Limbaugh: ‘Trump Coalition’ an Offshoot of the Tea Party Movement

On his Thursday broadcast, conservative talk show Rush Limbaugh offered his analysis what has led certain elements to gravitate toward Republican presidential front-runner Donald Trump, including former Gov. Sarah Palin (R-AK), the 2008 GOP vice-presidential nominee.

According to Limbaugh, what he deemed to be the “Trump Coalition” predated the Trump’s presidential bid and its roots lie in the Tea Party movement that was inspired by President Barack Obama’s stimulus and later by his so-called health care reform legislation, later to be known as ObamaCare.

“Guess where they are now?  They’re with Donald Trump,” Limbaugh said.

Transcript as follows (courtesy of

You know, this business of the glue.  That’s what I refer to.  The glue that is holding Trump coalition together.  This actually predates the Trump campaign.  This goes back to who the Tea Party is, if you want to know the truth about it, folks.  Everybody made the mistake of thinking when the Tea Party erupted out of nowhere — and let’s not forget — by the way, by the way, welcome back.  Rush Limbaugh.  Great to have you here at the EIB Network at 800-282-2882.

Let’s not forget, the Tea Party was not the result of some strategic plan launched by somebody out of nowhere.  It was a spontaneous eruption of mostly people that had never been professionally, formally involved in politics before.  It dates to the Obama stimulus deal in 2009 but really began to coalesce with Obamacare.  Those two things sent the big message to the Tea Party people, what would become known as the Tea Party people. That is, there was no longer any concern for what this government was spending. There was no longer any concern for the danger that that was going to cause. There was no longer any pretense of responsible budgeting, keeping public taxpayer money in check, used responsibly, none, it was all out the window.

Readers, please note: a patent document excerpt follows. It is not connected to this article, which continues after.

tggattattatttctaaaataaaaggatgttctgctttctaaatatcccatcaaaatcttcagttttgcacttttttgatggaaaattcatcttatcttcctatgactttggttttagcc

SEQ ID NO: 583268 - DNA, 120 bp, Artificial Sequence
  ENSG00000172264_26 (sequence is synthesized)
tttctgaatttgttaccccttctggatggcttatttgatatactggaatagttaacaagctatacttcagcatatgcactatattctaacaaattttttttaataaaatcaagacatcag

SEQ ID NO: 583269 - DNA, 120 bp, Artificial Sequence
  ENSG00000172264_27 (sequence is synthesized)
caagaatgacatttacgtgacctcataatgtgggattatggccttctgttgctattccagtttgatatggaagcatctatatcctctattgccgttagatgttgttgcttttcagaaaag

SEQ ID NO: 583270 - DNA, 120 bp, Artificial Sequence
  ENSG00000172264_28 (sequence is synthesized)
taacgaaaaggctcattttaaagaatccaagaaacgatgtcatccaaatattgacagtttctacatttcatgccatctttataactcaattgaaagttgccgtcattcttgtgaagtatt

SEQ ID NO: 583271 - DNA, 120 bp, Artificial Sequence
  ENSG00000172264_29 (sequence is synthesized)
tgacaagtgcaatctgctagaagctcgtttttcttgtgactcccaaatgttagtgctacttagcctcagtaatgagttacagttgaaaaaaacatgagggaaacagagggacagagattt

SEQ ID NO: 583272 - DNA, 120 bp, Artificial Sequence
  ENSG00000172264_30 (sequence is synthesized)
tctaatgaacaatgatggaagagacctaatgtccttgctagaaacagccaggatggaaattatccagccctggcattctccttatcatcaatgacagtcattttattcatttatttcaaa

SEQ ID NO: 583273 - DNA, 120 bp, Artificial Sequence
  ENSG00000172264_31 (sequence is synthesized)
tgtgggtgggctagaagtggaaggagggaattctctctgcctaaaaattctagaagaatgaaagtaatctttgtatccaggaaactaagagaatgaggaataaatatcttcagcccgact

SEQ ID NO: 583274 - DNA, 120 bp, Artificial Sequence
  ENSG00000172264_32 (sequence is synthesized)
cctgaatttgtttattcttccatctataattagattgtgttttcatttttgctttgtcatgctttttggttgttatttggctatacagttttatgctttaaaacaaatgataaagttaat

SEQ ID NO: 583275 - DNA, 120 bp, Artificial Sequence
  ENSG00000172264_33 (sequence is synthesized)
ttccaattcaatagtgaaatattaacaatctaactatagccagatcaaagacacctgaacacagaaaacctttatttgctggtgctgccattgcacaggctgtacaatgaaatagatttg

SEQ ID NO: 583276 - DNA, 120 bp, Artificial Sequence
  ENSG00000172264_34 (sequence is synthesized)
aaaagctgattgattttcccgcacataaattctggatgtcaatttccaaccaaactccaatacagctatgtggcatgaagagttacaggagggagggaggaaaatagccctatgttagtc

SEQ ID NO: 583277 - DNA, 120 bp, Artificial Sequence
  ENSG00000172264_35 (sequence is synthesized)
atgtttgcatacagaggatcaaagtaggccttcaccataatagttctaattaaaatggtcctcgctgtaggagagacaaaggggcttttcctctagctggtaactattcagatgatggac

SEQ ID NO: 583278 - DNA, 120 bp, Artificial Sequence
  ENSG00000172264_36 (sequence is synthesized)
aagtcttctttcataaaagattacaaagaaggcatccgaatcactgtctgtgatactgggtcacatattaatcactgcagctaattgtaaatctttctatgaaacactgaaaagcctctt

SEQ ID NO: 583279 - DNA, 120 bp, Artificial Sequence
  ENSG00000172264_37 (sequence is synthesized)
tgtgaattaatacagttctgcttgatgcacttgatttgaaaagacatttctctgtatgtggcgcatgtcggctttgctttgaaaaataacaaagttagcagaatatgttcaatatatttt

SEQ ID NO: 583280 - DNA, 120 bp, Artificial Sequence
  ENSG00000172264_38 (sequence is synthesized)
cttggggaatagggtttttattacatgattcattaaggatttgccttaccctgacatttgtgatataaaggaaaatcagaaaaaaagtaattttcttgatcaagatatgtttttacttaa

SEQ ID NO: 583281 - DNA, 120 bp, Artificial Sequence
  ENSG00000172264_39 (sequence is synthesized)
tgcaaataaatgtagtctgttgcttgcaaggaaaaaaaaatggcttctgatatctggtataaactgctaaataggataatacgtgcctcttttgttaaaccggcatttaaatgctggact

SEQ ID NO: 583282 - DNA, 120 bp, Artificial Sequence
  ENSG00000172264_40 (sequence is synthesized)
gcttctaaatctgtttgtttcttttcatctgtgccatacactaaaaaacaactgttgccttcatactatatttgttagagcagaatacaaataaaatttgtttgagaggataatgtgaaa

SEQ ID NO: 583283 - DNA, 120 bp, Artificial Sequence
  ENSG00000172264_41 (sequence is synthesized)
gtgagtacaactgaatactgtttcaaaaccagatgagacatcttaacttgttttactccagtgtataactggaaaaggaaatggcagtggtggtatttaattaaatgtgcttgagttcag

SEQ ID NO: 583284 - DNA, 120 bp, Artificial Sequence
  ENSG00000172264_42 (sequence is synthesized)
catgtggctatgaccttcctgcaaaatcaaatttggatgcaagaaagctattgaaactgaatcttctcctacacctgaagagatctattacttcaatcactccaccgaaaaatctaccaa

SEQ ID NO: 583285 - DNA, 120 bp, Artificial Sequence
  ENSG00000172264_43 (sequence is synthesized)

And people erupted in a combination of fear and outrage and anger over it.  It was a betrayal.  It was irresponsible.  It was unresponsive to what people had voted for, what they thought they were going to get, and it was destructive.  It was going to take the financial futures away from millions of people’s children and grandchildren.  And so the Tea Party was born.  And the mistake was made right off the bat by the Drive-By Media and many inside the Beltway that the Tea Party was all conservatives.

They wanted it to be all conservatives because they already then had their built-in mechanisms to impugn it.  The left, the Democrat Party, and many in the Republican Party had already developed ways to mock, make fun of, impugn conservatives and conservatism for years.  So here comes this new group of people.  “Well, we’ll just call ’em conservatives, made of angry white men, racists, sexists, a bunch of bigots,” and that’s who they became, that’s what they — well, that’s not who they were.  That’s what the effort to define them became.

At the same time, the Democrats, “You know what, we need our own group.  We can’t let this stand.”  So they created Occupy Wall Street.  That was a totally artificial, manufactured, bought and paid for rent-a-mob put together by the left and the Democrat Party made to look like it erupted spontaneously in response to the Tea Party, and it was made out to be much bigger and much more refined and organized and all that.  And it was not.  It was fake from beginning to end.

Occupy Wall Street, I mean, they did real things, but their existence was entirely fake.  There was nothing spontaneous about it.  There was nothing natural about it.  So from the get-go, the Republican establishment as well, mystifying me from day one, started making fun of and ragging on the Tea Party, right along with the Democrats.  The Democrats led the charge on it along with the media.  A bunch of hayseeds, bunch of hicks, you know, the usual ad hominem attacks.